Traditional Jewish Chicken Soup
The mythology surrounding chicken soup in general, and Jewish chicken soup in particular, are familiar to all of us: It cures colds! It cures the flu! It cures cancer, depression, scurvy, rickets, boils, and pellagra! (Just kidding about all those, of course; I'm not even sure what that last one is, but it seemed to fit.)
In all seriousness, chicken soup is traditional to serve on Jewish holidays, but it's also a great food to make you feel better, whether you are sniffling and sneezing, or just need some comfort food and a hug from Grandma. Here's how to make traditional Jewish chicken soup (just don't forget the most important ingredient — love!).
- 10 sprigs dill, tied together
- 6 sprigs parsley, tied together
- 1 large onion, whole
- garlic (powder or minced)
- 3–5 lbs chicken, cut into parts
- 5 qts water
- 6 carrots
- 3 parsnips
- 4 stalks celery, cut into 3" sections
- soup bones (optional)
Prepare the Vegetables for the Chicken Soup
1. Prep your vegetables. Leave the onion whole (just cut off the ends and peel off the outer layer). Some people like to partially core the onion and fill the cavity with salt and pepper. That's not my custom, but if it works for you, go ahead.
Prepare the Chicken for the Soup
2. Wash and prepare your chicken. Cut off the neck and make sure the butcher didn't leave you any "surprises" inside the cavity. I like to take the skin off because it adds a lot of fat to the soup (which none of us needs, right?). To be honest, though, it also adds some good flavor. So if you don't mind skimming the fat from your soup several times before you serve it, go ahead and keep the skin on.
This is what my chicken looked like after I wrestled him into submission. It's a lot easier to start with chicken parts than to try to cut it apart yourself to make it fit into the pot, so I'm not going to make that mistake again. After you rinse the parts again, take a large piece of cheesecloth and tie the chicken parts in it. This will make it extraordinarily easy to fish out the chicken when the soup is done, and no pesky bits of bone or cartilage will be floating around your beautiful soup.
Load Up the Pot
3. Put your vegetables, herbs, and seasonings into a really big pot. I use a 10-quart pot for chicken soup for 8–10 people. (And really, why go to all this hassle if you're going to make less than that?) Tie the parsley and dill together with cooking string so it is easier to remove when the soup is done. Add salt, pepper, and garlic to taste. You will probably need to add more than you think, but the good news is that you can always offer your guests salt and pepper at the table if you're not sure you've seasoned it enough. That's always better than soup that's too salty!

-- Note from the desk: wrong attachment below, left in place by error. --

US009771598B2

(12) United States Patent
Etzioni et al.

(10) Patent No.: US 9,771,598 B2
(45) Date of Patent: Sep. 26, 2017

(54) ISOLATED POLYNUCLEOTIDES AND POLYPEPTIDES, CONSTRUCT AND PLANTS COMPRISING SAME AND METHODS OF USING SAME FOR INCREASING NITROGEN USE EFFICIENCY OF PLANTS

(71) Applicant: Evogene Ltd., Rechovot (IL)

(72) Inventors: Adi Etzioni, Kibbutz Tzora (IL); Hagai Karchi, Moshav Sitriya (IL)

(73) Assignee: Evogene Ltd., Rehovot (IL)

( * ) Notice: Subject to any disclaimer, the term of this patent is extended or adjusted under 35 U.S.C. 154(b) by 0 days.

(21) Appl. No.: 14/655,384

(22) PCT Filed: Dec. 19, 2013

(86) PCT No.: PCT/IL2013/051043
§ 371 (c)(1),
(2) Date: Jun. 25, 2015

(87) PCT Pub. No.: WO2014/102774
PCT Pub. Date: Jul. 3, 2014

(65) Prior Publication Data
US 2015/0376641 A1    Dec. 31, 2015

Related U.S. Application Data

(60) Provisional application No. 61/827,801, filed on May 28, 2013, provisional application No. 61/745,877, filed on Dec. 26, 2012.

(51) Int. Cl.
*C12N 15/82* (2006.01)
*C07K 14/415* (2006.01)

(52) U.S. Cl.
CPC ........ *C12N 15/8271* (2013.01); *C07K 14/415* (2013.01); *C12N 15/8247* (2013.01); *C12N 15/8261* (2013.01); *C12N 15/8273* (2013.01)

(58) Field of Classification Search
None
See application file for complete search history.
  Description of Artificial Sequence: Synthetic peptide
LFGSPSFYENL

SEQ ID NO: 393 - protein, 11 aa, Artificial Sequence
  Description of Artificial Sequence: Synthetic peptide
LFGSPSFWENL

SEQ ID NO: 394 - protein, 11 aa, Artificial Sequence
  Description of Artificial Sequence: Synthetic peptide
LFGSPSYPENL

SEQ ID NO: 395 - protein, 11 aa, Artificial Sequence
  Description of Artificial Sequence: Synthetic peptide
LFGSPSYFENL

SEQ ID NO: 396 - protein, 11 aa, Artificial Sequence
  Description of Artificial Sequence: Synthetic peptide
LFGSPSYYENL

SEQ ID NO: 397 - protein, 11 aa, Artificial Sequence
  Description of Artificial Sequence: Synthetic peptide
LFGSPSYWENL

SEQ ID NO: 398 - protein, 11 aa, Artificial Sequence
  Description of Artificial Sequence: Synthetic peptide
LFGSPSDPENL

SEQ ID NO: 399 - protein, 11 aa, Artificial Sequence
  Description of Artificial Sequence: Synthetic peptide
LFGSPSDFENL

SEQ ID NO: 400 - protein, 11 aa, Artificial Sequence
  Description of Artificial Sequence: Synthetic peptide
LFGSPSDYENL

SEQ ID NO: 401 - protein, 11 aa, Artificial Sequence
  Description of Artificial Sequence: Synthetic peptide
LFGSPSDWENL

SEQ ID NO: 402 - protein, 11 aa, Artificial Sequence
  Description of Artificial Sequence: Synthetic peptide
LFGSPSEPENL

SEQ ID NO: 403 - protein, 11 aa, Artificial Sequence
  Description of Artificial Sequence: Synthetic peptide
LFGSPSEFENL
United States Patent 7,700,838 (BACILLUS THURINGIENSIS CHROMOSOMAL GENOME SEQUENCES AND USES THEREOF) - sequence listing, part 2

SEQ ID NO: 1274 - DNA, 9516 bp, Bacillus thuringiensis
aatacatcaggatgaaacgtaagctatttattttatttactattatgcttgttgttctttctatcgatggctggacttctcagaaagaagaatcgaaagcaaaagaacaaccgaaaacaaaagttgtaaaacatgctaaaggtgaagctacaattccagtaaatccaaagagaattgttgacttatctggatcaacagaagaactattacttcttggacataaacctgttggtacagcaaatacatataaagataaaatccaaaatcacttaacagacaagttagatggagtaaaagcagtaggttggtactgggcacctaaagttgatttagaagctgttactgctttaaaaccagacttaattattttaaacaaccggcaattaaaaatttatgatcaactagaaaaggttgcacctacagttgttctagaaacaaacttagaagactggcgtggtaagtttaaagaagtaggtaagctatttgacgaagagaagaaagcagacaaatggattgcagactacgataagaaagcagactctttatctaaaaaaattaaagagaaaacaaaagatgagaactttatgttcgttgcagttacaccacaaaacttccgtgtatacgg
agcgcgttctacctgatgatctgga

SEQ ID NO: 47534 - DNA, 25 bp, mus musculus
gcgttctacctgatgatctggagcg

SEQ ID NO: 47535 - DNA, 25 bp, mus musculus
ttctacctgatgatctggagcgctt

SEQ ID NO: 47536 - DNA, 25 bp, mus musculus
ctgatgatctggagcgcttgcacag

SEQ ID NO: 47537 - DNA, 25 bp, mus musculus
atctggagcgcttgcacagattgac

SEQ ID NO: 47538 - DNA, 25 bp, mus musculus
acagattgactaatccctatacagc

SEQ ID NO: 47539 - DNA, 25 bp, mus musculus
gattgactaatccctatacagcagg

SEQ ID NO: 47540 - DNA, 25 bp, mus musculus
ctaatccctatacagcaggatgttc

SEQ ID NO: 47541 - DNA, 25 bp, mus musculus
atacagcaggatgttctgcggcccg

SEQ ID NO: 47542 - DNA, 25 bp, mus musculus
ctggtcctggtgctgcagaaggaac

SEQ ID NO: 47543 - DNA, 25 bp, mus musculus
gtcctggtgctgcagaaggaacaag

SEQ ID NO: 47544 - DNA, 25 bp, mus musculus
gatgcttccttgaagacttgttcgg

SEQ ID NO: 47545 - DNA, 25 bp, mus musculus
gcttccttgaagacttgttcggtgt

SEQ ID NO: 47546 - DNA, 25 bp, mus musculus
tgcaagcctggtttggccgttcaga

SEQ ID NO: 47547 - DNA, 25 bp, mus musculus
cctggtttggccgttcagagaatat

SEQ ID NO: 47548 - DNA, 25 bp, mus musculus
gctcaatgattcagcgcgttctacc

4. Put your chicken parts (tied up in cheesecloth for ease of removal) into the pot. I also sometimes add a beef marrow bone or two for extra richness. This is not strictly necessary, but it adds depth to the flavor.
Cook the Soup
5. After all the ingredients are in, add the water and bring it to a boil. This will take longer than you think, since you have a large amount of water and many heavy ingredients. Once the water is boiling (and I mean really boiling), cover the pot almost all the way.
6. Lower the flame to a simmer, but check it every so often to make sure it's still cooking. If the flame is too low, the chicken just won't cook right. Simmer the soup for about 2 1/2 hours, or until the chicken falls off the bone at the slightest provocation.
7. Let the soup cool for a few minutes before removing the cheesecloth bag with the chicken parts in it. Plunk that bag straight into a bowl to cool so you can debone the chicken later and use it for chicken salad or another mild recipe. (It will have lost most of its flavor to the soup.) Some people shred the chicken and add it back into the soup just before serving. Remove and discard the dill, parsley, and onion. My husband likes to eat the onion from the soup, but I've never met anyone else who does.
How to Serve Jewish Chicken Soup
The soup is best served the next day, after it has had time to rest, but as long as you don't use the chicken skin, you can serve it immediately if necessary. (If your chicken still had the skin on, you must cool the soup and skim off the hardened fat at least once before reheating to serve, or the soup will feel greasy and unpleasant.)
You can make fine egg noodles and toss them in before serving this soup, but the absolute best way to serve this soup is with matzo balls, the way Grandma intended. As I mentioned above, some people like to toss the chicken back in after its been deboned; that's good if chicken soup is your main course, but can make it a little too heavy if it's only a starter. Play around with it until you find the perfect soup for your family, and remember: Jewish chicken soup cures everything!